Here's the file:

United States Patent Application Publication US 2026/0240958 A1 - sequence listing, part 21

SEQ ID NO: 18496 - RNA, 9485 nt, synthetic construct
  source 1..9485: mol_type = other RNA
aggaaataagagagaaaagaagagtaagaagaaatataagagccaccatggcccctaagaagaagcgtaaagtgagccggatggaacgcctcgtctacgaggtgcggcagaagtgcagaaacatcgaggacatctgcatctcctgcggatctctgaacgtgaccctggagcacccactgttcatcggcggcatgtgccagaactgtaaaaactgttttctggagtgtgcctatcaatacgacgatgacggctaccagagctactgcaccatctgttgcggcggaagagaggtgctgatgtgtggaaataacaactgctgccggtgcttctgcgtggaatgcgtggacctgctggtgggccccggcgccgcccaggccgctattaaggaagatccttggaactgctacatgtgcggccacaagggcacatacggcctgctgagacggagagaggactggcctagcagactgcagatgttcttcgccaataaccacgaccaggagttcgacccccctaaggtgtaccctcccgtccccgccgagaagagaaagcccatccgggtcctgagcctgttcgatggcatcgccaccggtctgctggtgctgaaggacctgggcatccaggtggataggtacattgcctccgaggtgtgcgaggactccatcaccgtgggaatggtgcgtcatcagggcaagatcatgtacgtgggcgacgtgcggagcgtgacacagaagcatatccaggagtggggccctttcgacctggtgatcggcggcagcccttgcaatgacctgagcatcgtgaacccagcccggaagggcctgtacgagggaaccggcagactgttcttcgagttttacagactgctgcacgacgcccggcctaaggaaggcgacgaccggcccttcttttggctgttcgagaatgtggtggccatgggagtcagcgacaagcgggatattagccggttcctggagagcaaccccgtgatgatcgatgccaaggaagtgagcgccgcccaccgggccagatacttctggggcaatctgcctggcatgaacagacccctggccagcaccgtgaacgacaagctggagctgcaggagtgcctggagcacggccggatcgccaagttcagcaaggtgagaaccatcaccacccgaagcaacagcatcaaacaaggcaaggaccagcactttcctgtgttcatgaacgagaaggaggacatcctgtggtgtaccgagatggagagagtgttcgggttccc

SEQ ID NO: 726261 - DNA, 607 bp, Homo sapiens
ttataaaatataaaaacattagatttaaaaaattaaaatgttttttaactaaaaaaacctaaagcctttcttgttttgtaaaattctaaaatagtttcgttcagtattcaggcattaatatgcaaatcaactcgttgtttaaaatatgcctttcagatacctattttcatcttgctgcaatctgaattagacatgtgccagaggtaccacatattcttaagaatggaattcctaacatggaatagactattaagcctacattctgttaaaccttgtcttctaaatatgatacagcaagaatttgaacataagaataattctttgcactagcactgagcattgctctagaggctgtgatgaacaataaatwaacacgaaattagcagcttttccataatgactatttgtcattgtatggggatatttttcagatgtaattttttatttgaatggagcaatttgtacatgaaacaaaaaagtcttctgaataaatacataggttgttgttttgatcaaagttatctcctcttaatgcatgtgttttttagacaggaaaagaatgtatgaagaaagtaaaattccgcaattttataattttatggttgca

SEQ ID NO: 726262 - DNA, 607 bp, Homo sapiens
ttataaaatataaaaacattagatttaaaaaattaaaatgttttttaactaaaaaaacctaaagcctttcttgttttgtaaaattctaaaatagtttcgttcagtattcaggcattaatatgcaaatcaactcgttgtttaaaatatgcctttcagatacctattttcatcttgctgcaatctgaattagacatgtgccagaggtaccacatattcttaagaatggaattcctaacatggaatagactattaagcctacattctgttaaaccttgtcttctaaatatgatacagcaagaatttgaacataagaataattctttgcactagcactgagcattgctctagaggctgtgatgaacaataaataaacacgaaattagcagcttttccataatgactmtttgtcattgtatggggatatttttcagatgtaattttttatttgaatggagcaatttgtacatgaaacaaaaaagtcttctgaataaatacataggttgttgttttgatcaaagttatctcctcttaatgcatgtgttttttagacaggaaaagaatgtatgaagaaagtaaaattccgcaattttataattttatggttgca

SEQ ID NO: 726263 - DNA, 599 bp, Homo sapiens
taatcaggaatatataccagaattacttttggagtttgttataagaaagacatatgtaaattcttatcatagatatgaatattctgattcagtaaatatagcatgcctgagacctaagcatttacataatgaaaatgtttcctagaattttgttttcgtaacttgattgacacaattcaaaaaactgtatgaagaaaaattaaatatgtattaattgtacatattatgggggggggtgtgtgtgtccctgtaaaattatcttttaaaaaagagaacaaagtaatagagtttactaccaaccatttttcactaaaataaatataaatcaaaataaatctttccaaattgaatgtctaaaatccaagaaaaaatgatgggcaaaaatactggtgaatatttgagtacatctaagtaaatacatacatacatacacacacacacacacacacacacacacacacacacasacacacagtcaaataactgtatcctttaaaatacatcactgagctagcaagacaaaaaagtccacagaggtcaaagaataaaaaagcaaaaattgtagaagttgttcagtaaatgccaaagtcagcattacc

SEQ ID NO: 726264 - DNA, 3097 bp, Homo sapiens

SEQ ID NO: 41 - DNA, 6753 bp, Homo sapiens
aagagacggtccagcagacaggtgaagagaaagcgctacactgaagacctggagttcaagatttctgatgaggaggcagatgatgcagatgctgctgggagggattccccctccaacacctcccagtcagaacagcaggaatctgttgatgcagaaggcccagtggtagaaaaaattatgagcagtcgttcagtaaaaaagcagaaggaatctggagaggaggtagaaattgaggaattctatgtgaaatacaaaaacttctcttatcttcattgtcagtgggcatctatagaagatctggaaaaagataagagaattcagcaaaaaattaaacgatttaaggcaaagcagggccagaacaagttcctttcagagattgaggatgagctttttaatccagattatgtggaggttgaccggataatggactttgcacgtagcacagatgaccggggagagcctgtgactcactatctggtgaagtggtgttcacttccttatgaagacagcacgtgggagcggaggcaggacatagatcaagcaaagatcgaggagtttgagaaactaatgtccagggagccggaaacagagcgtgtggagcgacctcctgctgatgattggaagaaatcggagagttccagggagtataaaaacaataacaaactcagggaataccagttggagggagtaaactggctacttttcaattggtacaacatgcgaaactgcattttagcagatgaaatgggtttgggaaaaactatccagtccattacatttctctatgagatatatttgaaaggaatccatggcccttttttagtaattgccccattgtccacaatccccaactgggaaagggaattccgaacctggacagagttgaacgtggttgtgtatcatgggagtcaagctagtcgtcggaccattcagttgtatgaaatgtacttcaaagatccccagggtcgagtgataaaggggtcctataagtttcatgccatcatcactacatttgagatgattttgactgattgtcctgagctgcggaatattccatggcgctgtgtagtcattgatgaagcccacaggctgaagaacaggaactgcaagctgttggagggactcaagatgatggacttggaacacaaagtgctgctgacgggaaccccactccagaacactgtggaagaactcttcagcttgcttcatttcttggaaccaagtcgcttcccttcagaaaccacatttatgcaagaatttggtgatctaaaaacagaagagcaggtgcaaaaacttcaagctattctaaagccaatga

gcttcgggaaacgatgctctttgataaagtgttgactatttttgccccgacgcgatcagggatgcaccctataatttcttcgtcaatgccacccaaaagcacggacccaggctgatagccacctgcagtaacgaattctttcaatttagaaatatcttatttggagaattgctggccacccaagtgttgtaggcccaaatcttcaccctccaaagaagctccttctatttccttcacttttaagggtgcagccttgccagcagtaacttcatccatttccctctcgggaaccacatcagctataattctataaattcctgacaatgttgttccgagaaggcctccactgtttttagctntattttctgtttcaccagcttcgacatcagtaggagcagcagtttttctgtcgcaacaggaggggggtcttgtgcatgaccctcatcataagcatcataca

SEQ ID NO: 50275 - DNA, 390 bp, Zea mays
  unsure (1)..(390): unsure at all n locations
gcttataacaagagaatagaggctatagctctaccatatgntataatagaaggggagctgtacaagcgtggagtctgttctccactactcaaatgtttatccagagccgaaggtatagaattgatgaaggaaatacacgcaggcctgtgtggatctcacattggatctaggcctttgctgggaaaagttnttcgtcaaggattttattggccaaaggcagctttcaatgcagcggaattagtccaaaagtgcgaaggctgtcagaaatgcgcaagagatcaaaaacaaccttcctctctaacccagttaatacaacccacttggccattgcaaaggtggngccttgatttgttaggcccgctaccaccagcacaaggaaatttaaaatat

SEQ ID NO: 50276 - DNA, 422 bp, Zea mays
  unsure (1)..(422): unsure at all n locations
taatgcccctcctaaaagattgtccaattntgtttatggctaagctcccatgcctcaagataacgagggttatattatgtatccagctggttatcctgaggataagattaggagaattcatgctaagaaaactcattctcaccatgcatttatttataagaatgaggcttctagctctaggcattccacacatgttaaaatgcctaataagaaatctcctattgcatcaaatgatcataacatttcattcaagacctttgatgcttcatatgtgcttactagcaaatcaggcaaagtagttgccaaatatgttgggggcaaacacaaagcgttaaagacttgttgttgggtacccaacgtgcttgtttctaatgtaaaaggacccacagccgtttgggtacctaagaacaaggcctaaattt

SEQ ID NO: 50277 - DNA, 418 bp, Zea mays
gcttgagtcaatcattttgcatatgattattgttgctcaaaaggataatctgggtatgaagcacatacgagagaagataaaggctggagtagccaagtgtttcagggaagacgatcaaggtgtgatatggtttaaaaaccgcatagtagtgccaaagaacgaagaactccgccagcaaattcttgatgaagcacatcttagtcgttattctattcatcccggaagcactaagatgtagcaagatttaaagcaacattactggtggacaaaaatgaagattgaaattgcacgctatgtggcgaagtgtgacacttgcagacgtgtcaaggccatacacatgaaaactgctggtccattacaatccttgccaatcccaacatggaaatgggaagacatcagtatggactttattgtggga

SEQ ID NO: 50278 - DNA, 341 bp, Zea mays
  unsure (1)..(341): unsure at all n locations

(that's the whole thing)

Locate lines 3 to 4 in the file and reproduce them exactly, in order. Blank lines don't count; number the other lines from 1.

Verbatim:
  source 1..9485: mol_type = other RNA
aggaaataagagagaaaagaagagtaagaagaaatataagagccaccatggcccctaagaagaagcgtaaagtgagccggatggaacgcctcgtctacgaggtgcggcagaagtgcagaaacatcgaggacatctgcatctcctgcggatctctgaacgtgaccctggagcacccactgttcatcggcggcatgtgccagaactgtaaaaactgttttctggagtgtgcctatcaatacgacgatgacggctaccagagctactgcaccatctgttgcggcggaagagaggtgctgatgtgtggaaataacaactgctgccggtgcttctgcgtggaatgcgtggacctgctggtgggccccggcgccgcccaggccgctattaaggaagatccttggaactgctacatgtgcggccacaagggcacatacggcctgctgagacggagagaggactggcctagcagactgcagatgttcttcgccaataaccacgaccaggagttcgacccccctaaggtgtaccctcccgtccccgccgagaagagaaagcccatccgggtcctgagcctgttcgatggcatcgccaccggtctgctggtgctgaaggacctgggcatccaggtggataggtacattgcctccgaggtgtgcgaggactccatcaccgtgggaatggtgcgtcatcagggcaagatcatgtacgtgggcgacgtgcggagcgtgacacagaagcatatccaggagtggggccctttcgacctggtgatcggcggcagcccttgcaatgacctgagcatcgtgaacccagcccggaagggcctgtacgagggaaccggcagactgttcttcgagttttacagactgctgcacgacgcccggcctaaggaaggcgacgaccggcccttcttttggctgttcgagaatgtggtggccatgggagtcagcgacaagcgggatattagccggttcctggagagcaaccccgtgatgatcgatgccaaggaagtgagcgccgcccaccgggccagatacttctggggcaatctgcctggcatgaacagacccctggccagcaccgtgaacgacaagctggagctgcaggagtgcctggagcacggccggatcgccaagttcagcaaggtgagaaccatcaccacccgaagcaacagcatcaaacaaggcaaggaccagcactttcctgtgttcatgaacgagaaggaggacatcctgtggtgtaccgagatggagagagtgttcgggttccc